And that inevitably sparks off the discussion about how good his kids are. Like Goldilocks, his kids are good, but not good enough; bad, but not too bad. Which in his cryptic language means they’re somewhere in the middle, balanced. And even though he never says it, the kids know that he’s proud of them and loves them all equally. The same goes for his grandkids.
My favorite part about hanging out with granddad is hearing him tell stories. It doesn’t matter if I’ve heard the same story dozens of times. That’s not the point. My enjoyment comes from everything else that accompanies our conversations. Watching him tell a story with pleasure and working in moral lessons at the same time is his special trait, I think. I’d like to think that I have a somewhat decent moral compass; the ability to at least identify the right decision (or feeling guilty knowing that there is a right decision to be made but making the opposite one instead). And I believe I learned this from granddad.
He leads by example. For me at least, he’s always been that way. Always attentive to minute details, he never lets anything slip by unnoticed. People always make the mistake of assuming he’s missed something until he tells them to clean the table again because they’ve missed a tiny sauce spot. He’s also extremely generous – when he was younger and less financially stable, he used to loan needy friends his last dollars and not think twice about whether they would even be able to return the favor (much to the dismay of my grandmother, I imagine). But he’s never lectured anyone about not being giving enough.
He secretly likes to call himself the poor rich man (coined by one of my cousins) because he’s not cash rich but yet he often doesn’t have to pay for anything when he goes places. I’m not religious (and neither is granddad), but I believe in karma, to a certain extent. And I believe that karma is paying him back for all the positive energy he’s invested previously.
I digress. Back to my perfect 17 hours. By the time I went to bed, it was close to 2am. But I thought, ‘granddad’s a late sleeper. I’ll get to sleep for at least 8 hours before I even need to worry about getting up.’ Wrong. Just after 8am, health food aunt came into the room I was sleeping in, turned on the lights and said, ‘let’s go, granddad’s ready.’ WTF? Since when does he rise before noon? Today was my lucky day, apparently. And truthfully, I was quite ecstatic. I (sometimes) enjoy the part of the morning just before the majority of people are even thinking of going out yet. It’s peaceful and quiet and one feels special being in a place that isn’t overrun by crowds. Fast forward an hour and we’re at some coffee shop along Zion road with a spread of coffee, kaya + butter toast, half boiled eggs and wanton noodles before us. Honestly, it’s been a while since I’ve felt so disproportionately content. I can’t remember the last time we were out with granddad at that hour – he had even voluntarily come along. He usually has to be coaxed into going out and his appetite has spiked recently which has made everyone happy. Then we went to Cedele across the street for more sitting and coffee where I read the newspaper, granddad people watched and health food aunt got her hair done. There was some shopping in between coffee and lunch but it was basically a whole morning of granddad time. And it was awesome. I felt so lucky to have been there.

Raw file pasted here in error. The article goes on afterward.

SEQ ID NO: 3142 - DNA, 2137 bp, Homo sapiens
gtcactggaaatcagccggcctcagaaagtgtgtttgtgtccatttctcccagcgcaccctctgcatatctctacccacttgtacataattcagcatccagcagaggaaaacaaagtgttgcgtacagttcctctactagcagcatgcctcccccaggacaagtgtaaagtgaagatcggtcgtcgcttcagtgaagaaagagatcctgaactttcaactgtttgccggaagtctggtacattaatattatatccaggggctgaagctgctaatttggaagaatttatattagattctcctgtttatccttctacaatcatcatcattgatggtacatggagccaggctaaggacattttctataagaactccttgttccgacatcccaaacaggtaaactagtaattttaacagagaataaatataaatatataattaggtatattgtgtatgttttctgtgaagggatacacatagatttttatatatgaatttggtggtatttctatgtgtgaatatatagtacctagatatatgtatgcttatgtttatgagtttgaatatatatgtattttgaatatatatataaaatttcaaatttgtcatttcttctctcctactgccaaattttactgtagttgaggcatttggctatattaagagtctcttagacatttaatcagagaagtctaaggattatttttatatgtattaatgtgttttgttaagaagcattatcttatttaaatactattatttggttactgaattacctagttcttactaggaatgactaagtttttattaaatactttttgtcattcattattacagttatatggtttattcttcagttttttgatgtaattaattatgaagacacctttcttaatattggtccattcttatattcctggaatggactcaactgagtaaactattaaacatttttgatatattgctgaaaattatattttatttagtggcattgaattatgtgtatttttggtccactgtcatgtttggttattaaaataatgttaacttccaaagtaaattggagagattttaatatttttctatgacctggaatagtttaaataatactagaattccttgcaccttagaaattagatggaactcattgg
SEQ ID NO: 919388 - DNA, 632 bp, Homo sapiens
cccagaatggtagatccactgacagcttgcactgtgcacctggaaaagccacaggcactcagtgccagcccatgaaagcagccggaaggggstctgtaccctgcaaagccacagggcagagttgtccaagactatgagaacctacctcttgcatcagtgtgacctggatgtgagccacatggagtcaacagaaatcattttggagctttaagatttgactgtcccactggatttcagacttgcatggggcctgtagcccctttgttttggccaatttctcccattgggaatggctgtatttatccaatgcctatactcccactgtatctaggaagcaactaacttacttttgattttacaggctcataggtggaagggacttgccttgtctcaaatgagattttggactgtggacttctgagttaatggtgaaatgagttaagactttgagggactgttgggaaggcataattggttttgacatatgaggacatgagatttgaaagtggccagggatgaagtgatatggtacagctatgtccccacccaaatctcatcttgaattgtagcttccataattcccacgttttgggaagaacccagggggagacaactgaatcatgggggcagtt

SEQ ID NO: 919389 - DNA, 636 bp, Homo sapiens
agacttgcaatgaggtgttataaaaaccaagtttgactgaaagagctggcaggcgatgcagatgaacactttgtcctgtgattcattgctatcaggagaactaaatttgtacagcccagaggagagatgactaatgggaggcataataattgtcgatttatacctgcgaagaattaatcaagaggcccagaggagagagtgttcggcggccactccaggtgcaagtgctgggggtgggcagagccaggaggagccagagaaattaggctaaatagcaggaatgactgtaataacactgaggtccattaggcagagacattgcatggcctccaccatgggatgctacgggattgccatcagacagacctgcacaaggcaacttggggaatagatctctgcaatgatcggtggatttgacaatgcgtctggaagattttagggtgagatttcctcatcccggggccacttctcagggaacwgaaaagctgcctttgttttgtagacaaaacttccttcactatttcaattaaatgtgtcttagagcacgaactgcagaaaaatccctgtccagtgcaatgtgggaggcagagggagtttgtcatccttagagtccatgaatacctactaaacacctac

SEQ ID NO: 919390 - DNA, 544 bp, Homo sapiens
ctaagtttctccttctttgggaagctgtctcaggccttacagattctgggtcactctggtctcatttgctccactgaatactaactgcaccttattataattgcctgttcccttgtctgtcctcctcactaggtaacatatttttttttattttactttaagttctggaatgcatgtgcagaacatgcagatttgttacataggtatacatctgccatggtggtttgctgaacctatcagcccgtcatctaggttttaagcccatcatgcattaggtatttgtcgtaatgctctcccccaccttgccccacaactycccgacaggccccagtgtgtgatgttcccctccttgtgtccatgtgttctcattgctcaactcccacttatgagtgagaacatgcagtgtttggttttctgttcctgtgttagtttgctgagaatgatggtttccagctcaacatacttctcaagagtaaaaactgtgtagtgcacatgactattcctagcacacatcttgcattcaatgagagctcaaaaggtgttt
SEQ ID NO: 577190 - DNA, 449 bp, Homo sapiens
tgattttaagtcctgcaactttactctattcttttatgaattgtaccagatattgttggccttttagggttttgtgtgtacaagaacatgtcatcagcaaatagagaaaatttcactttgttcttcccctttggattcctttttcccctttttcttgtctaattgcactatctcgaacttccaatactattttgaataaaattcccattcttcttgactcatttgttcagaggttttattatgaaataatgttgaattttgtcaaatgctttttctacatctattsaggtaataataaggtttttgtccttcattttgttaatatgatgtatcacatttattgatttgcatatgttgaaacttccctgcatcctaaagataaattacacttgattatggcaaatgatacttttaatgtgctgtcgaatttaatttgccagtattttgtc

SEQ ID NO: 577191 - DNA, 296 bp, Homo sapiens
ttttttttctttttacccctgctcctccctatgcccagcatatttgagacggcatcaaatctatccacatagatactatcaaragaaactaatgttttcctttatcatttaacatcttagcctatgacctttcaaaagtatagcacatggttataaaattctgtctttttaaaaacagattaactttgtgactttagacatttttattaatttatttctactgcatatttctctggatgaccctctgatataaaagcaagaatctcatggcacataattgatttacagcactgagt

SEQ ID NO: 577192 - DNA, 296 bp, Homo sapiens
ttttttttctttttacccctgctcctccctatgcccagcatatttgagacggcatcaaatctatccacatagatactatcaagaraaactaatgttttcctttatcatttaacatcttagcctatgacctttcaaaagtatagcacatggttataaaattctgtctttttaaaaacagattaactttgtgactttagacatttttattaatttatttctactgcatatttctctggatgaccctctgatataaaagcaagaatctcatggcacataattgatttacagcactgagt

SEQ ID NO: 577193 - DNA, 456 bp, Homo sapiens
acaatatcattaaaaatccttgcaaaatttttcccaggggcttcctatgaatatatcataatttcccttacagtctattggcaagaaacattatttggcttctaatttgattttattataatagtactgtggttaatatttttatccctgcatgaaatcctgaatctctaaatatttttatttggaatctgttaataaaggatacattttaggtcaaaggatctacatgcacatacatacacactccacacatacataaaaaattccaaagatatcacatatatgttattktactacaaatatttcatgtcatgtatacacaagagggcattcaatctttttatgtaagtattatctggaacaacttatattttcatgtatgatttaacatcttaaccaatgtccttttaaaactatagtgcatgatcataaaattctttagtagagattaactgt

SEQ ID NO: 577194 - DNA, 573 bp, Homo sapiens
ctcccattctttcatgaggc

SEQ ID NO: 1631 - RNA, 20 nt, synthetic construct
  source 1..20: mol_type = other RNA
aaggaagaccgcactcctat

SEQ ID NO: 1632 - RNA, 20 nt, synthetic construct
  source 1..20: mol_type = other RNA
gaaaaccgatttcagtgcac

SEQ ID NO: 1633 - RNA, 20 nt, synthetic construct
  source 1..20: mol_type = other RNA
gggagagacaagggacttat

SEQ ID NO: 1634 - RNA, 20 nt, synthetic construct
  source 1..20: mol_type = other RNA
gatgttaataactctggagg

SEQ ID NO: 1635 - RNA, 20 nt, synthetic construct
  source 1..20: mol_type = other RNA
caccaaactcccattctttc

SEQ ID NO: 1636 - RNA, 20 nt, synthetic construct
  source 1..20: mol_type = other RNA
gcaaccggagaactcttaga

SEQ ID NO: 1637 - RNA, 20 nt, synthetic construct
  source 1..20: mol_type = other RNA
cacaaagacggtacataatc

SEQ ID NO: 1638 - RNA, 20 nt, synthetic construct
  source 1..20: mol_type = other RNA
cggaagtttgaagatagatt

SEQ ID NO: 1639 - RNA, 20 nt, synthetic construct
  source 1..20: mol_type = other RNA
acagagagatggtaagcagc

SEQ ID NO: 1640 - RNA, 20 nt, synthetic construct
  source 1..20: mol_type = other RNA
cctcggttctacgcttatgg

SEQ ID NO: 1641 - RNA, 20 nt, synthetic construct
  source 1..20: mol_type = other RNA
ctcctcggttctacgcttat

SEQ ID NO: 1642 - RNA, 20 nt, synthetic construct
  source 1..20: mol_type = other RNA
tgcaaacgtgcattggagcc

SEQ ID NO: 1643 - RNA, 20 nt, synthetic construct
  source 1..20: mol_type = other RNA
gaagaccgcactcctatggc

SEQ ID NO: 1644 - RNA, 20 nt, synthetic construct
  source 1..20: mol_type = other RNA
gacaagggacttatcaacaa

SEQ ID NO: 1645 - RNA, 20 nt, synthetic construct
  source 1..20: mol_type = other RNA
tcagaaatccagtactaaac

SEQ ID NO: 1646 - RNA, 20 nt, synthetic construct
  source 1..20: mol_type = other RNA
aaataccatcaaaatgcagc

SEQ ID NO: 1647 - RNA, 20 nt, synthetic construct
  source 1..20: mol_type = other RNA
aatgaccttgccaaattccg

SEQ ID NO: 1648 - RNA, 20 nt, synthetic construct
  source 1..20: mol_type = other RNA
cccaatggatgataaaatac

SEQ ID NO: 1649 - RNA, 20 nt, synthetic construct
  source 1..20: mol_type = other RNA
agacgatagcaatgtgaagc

To other people, granddad might come across as being just an ordinary 96 year old man. And maybe he is. But to me, he’s far from that; too special and amazing to be taken for granted. I’ve written before that I’ve never looked forward to my trips home. But time with granddad has always been the ‘right thing to do’ and it’s one of the primary reasons I visit. For the first time ever, it’s become not only the right thing to do but what I want to do and I’m completely content with being home. Because it means getting to spend precious time with someone I’ve realized has helped shape the person that I’ve become. And for now, there’s nowhere else I’d rather be.